When Two Worlds Collide
Mark David Chapman shot and killed John Lennon on December 8, 1980. It has been written that Mr. Chapman was motivated to murder John Lennon because he felt that he was a “phony” a premise which was a common theme in his favorite book “The Catcher in the Rye” written by J.D. Salinger in 1945. It could be said that because of one piece of art, the creator of another form of art lost his life.
I had not been required to read Mr. Salinger’s book when I was in high school (which is apparently unusual since most people I’ve talked with this about read it and liked it – though none of them were driven to homicide because of it) and I was curious as to its message so I jumped right onto Amazon and bought the cheapest used copy that I could find. Thankfully it arrived before our current record breaking snow storm. Actually, I tried to find an on line copy and not only could I not find it as an e-book, it’s not even available on Kindle. I wondered about that but not as much as the story line and main character so I began reading.
What a disappointing book. Perhaps if I had a wonderful professor guiding me along and pointing out all the subtle irony and/or humor I may have been better able to appreciate Salinger’s masterpiece. From my un-PhD’d prospective I found the book to be more of a cautionary tale to older adolescents as to how to recognize a complete loser. Holden Caulfield, the main character and narrator of this story spends the majority of the book criticizing everybody he knows and meets with the exception of his younger sister and dead brother. He is a master at pointing out everybody’s frailties and short-comings while completely ignoring his own. It really is tedious to read page after page of his critical scrutiny of everyone else when in reality his apathetic self-loathing made me want to beat the hell out…I mean some sense into him.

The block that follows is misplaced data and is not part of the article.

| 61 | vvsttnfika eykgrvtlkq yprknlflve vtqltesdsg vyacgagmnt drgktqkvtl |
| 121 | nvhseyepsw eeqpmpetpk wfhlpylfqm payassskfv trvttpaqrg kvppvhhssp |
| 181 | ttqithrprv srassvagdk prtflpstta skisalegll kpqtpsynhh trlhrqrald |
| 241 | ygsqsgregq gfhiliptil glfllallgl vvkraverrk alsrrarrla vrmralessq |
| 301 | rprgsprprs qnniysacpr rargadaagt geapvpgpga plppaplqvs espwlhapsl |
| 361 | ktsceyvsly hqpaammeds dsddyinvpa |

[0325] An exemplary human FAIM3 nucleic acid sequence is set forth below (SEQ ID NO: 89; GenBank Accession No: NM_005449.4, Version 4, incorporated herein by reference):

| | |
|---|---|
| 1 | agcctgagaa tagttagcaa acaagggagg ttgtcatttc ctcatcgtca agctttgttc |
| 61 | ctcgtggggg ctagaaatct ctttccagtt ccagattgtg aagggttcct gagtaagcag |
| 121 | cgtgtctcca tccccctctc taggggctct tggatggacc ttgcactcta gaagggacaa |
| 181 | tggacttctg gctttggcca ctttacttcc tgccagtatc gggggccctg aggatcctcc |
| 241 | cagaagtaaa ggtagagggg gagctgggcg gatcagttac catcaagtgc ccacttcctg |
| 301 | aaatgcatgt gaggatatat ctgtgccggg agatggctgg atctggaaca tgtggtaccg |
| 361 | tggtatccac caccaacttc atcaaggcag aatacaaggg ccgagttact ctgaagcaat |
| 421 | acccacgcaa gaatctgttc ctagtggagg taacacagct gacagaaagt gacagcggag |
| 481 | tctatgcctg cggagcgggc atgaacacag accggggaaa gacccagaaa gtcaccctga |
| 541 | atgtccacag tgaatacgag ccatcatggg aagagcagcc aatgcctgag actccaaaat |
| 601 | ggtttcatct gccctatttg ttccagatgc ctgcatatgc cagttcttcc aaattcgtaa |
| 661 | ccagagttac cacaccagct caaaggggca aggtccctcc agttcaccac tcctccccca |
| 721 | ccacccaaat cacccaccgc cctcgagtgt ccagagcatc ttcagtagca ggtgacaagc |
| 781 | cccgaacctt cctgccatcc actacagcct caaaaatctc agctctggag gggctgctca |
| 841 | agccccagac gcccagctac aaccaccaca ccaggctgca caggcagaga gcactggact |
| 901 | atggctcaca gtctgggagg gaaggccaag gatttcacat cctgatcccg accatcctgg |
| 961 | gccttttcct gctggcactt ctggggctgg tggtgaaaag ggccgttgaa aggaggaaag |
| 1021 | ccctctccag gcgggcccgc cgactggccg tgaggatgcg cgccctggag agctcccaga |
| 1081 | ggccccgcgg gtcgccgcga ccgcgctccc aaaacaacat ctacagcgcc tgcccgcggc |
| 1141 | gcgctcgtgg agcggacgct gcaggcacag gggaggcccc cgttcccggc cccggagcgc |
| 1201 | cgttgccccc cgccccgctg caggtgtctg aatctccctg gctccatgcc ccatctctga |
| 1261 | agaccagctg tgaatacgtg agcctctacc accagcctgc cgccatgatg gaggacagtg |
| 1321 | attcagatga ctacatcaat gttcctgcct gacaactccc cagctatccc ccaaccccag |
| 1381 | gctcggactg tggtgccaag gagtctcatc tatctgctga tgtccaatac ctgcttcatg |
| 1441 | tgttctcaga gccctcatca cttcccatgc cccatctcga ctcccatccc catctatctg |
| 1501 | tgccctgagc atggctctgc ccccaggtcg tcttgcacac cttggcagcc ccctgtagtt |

The question I was asking myself the whole time I was reading the book was how anyone could relate to the main character or want to emulate him. Did Chapman not get how lame all of Holden’s blustering about everyone being “phony” was and how ineffectual he was at dealing with his own life? Maybe he was just so much like the character Holden that he really couldn’t see beyond his own uselessness and it was easier to turn his critical eye on one of his idols rather than trying to improve himself. The world may never know…or care.
In the final analysis, I haven’t a clue how the book could have inspired a man to commit murder.
Salinger only ever published short stories after “The Catcher in the Rye” and lived a reclusive life until his recent death and apparently there were many manuscripts discovered in his home. It should be very interesting to see if his family decides to submit his work to a publishing company and whether or not his later works will be published. Though I did not find “Catcher in the Rye” to be a book which touched me on any level, I would be curious to know what else Salinger spent his time writing.
For more info click on the link: http://salinger.org/index.php?title=Main_Page
Another reclusive writer (of sorts) whose work I did (and do) enjoy has been in the news recently. Bill Watterson, the creator of Calvin & Hobbs has recently done his first interview in fifteen years. I realize that most people would not think to compare the work of these two writers, but Watterson’s work has probably had just as much as an impact on people as Salinger’s work and frankly, it’s a hell of a lot more fun to read. I remember an article back when Watterson’s strip was still in publication that stated that the comic strip had made parents reconsider how they thought about their children and their capabilities. I don’t know if that’s true, but what I do know is his creativity in bringing us the lives of Calvin, his toy tiger Hobbs and Calvin’s beleaguered parents was refreshing and clever and it’s something I will continue to enjoy with my kids.